The grace which gave itself to [Martin Luther] was a costly grace, and it shattered his whole existence. Once more he must leave his nets and follow. The first time was when he entered the monastery, when he had left everything behind except his pious self. This time even that was taken from him.
[Before Luther left the monastery for the secular world] the Christian life had been the achievement of a few choice spirits under the exceptionally favourable conditions of monasticism; now it is a duty laid on every Christian living in the world.
The only man who has the right to say that he is justified by grace alone is the man who has left all to follow Christ. Such a man knows that the call to discipleship is a gift of grace, and that the call is inseparable from the grace. But those who try to use this grace as a dispensation from following Christ are simply deceiving themselves.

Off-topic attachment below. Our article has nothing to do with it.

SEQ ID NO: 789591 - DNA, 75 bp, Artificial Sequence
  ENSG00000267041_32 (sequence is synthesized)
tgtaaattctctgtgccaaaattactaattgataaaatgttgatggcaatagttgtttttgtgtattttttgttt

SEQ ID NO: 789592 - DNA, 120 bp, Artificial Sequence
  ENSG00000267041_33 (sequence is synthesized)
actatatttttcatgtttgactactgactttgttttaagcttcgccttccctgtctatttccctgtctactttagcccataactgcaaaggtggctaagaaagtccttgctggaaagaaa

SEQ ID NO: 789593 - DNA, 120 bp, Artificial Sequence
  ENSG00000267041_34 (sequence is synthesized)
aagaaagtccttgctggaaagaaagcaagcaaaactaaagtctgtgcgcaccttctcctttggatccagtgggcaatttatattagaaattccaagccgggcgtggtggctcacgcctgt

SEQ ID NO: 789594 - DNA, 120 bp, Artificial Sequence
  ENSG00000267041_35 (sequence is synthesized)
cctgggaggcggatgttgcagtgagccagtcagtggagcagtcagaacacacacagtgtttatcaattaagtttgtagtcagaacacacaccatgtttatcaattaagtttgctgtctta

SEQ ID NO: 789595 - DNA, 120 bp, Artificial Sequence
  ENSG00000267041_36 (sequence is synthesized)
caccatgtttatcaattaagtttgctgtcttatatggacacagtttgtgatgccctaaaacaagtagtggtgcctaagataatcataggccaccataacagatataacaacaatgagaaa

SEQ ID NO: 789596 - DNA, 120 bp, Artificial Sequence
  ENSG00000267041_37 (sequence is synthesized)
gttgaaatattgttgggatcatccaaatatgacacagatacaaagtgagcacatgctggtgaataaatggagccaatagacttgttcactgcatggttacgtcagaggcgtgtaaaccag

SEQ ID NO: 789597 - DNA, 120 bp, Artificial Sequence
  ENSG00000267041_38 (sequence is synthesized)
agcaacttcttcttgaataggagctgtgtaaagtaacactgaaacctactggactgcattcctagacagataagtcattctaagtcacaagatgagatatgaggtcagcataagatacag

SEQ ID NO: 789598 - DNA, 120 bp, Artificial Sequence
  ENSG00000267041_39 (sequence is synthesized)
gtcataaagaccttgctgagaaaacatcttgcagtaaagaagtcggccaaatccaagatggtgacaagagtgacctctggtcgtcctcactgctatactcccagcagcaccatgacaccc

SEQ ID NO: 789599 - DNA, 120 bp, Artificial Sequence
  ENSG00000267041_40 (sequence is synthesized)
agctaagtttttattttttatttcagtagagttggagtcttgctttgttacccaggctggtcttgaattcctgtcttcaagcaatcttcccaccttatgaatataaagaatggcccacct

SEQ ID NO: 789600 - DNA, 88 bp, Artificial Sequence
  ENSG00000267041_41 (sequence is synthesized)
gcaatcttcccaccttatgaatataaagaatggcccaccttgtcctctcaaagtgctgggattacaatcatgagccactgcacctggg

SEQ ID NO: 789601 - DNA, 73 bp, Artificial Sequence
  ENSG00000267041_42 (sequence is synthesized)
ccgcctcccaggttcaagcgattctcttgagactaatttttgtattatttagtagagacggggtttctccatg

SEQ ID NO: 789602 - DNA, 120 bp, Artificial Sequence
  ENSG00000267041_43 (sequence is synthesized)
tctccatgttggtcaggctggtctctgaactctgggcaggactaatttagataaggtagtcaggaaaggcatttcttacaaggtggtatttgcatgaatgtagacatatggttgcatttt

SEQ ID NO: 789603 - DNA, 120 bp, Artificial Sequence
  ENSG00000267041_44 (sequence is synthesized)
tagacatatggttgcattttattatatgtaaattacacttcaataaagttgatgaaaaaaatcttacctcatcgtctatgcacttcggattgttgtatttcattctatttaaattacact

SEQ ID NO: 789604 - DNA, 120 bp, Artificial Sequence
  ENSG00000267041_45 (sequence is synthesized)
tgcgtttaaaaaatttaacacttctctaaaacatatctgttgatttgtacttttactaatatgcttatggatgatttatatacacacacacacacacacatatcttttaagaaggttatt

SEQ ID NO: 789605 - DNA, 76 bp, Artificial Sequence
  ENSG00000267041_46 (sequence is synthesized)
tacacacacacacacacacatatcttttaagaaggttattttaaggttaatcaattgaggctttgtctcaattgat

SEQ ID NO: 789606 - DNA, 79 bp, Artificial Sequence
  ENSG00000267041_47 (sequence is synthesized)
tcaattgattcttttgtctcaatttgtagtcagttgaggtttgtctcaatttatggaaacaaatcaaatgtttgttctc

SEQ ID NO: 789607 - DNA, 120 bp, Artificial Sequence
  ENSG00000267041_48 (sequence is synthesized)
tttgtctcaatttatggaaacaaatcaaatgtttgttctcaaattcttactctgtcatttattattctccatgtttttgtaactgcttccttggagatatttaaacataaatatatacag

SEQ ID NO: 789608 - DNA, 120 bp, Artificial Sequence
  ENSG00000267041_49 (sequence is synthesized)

My heart became hot within me. As I mused, the fire burned; then I spoke with my tongue: "O Lord, make me know my end and what is the measure of my days; let me know how fleeting I am!"
15 April 2008
Bonhoeffer, Luther & Cheap Grace
For our next book club, I'm reading Dietrich Bonhoeffer's The Cost of Discipleship. In light of Bonhoeffer's historical context (the degeneration of the German confessional church giving way to Nazi control) and our own context (good reformed theology not always have the effect it ought to have), I thought his discussion about the reformer Martin Luther and cheap versus costly grace was fascinating. Here are some interesting quotes that struck me.